13. 13.
    Carlsson B, Böhme J, Kalm B, Lundgren G, Möller E, Persson P, Petersen PA, Rask L, Wallin J (1984) HLA-DR and DQ studied with genomic blotting in diabetic families and transplant donor-recipient pairs. In: Albert ED, Baur MP, Mayr WR (eds) Histocompatibility Testing 1984. Springer, Berlin Heidelberg New York Tokyo, p 589Google Scholar
  14. 14.
    Fradelizi D, Dausset J (1975) Mixed lymphocyte reactivity of human lymphocytes primed in vitro. I. Secondary responses to allogeneic lymphocytes. Eur J Immunol 5:295–301PubMedCrossRefGoogle Scholar
  15. 15.
    Sheehy MJ, Sondel PM, Bach ML, Wank R, Bach FH (1975) HL-A LD (lymphocyte defined) typing: a rapid assay with primed lymphocytes. Science 188:1308–1310PubMedCrossRefGoogle Scholar
  16. 16.
    Alter BJ, Bach FH, Jaramillo S, Wernet P (1977) Typing an unrelated panel with PLT cells: association with Dw clusters. Scand J Immunol 6:485–489CrossRefGoogle Scholar
  17. 17.
    Shaw S, Johnson AH, Shearer GM (1980) Evidence for a new segregant series of B cell antigens that are encoded in the HLA-D region and that stimulate secondary allogeneic proliferative and cytotoxic responses. J Exp Med 152:565–580PubMedCrossRefGoogle Scholar
  18. 18.
    Bach FH, Inouye H, Hank J A, Alter BJ (1979) Human T lymphocyte clones reactive in primed lymphocyte typing and cytotoxicity. Nature 281:307–309PubMedCrossRefGoogle Scholar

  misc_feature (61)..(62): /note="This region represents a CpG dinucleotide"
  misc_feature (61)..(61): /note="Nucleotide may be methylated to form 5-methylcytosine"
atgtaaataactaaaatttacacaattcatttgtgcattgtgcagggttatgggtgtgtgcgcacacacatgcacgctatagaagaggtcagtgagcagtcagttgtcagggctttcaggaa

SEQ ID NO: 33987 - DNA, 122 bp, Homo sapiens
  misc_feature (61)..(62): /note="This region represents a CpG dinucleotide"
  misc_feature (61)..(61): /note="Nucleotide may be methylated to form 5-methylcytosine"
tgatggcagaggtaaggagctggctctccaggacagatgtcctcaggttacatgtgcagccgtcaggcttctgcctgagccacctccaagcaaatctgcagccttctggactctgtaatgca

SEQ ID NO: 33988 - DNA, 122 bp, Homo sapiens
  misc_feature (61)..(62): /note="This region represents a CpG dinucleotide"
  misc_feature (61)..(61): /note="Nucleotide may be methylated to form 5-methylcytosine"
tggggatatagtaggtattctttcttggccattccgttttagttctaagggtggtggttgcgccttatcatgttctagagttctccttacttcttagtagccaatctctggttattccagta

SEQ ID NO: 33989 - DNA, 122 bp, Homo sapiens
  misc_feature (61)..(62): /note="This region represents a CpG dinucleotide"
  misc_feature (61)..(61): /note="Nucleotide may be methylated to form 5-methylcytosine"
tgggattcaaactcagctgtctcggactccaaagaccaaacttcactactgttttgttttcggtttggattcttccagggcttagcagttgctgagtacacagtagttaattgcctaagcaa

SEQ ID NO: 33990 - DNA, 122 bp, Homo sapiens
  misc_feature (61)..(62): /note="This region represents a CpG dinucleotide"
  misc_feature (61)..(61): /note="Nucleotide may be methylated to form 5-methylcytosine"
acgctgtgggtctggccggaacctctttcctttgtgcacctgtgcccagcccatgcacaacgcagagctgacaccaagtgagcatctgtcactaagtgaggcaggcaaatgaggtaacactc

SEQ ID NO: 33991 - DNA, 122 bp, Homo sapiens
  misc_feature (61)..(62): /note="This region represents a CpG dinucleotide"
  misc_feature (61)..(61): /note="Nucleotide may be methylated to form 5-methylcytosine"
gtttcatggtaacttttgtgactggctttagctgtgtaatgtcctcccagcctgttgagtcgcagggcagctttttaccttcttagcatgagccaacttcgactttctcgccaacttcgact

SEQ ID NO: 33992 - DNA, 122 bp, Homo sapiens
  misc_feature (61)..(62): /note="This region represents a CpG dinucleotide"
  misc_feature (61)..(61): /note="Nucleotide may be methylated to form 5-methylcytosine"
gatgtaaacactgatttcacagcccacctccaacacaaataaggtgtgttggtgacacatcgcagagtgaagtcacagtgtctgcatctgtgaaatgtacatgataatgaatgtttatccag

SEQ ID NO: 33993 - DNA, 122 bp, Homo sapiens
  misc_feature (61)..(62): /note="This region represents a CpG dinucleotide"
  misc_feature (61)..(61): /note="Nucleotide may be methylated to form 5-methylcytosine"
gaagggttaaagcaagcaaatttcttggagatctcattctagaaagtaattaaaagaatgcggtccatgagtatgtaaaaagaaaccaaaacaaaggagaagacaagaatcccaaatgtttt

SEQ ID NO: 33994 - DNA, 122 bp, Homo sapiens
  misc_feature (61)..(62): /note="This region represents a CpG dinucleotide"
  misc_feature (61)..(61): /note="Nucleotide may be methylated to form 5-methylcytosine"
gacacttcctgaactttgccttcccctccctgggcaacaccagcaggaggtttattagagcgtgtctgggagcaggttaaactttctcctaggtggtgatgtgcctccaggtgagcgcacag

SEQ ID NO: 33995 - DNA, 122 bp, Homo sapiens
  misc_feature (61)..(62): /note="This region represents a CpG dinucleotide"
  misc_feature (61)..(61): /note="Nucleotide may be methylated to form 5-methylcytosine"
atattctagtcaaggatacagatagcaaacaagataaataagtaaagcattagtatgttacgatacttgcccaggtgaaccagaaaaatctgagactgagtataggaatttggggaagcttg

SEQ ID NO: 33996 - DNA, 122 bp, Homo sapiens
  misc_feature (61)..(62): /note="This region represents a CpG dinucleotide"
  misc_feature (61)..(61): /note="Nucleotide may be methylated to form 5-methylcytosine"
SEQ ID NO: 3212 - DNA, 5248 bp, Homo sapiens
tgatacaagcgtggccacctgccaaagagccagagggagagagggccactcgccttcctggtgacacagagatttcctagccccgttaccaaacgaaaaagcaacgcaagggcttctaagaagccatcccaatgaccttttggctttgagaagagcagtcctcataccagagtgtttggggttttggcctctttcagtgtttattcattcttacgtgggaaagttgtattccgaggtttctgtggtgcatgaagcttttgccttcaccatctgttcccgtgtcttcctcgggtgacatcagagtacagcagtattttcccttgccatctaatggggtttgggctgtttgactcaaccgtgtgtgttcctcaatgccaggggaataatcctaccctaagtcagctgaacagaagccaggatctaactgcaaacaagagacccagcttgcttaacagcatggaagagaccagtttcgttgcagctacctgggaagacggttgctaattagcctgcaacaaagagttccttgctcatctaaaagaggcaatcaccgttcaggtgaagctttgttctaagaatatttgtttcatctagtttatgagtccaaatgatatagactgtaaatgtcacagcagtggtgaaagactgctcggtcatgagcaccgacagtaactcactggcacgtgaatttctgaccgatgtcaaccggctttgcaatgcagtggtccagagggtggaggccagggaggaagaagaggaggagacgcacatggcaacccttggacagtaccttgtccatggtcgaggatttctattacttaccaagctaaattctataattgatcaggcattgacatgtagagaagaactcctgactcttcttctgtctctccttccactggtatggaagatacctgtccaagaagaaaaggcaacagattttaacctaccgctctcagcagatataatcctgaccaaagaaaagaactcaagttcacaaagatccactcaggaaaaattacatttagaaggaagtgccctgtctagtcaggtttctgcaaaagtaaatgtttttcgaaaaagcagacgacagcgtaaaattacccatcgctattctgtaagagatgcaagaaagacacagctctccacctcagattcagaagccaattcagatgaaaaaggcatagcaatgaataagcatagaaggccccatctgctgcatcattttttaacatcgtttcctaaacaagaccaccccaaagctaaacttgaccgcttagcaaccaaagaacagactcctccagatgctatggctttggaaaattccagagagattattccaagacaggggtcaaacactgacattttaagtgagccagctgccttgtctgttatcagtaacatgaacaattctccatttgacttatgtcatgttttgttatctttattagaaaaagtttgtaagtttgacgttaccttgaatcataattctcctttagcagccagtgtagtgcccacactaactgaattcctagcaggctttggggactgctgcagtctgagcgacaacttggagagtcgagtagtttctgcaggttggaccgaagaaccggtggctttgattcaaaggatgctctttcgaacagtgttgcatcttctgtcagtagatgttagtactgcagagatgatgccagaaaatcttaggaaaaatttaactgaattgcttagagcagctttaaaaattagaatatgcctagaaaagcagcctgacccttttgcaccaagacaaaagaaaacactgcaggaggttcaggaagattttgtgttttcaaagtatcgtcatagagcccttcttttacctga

19. 19.
    Pawelec G, Wernet P (1980) Restimulation properties of human alloreactive cloned T-cell lines. Dissection of HLA-D-region alleles in population studies and family segregation analyses. Immunogenetics 11:507–519PubMedCrossRefGoogle Scholar
  20. 20.
    Inouye H, Hank JA, Chardonnens X, Segall M, Alter BJ, Bach FH (1980) Cloned primed lymphocyte test reagents in the dissection of HLA-D. J Exp Med 152:143s–155sPubMedGoogle Scholar
  21. 21.
    Duquesnoy RJ, Zeevi A (1983) Immunogenetic analysis of the HLA complex with T cell clones. Hum Immunol 8:17–23PubMedCrossRefGoogle Scholar
  22. 22.
    Pawelec G (1983) Allogeneically primed T lymphocyte clones in the analysis of lymphocyte stimulatory determinants. Hum Immunol 8:239–247PubMedCrossRefGoogle Scholar
  23. 23.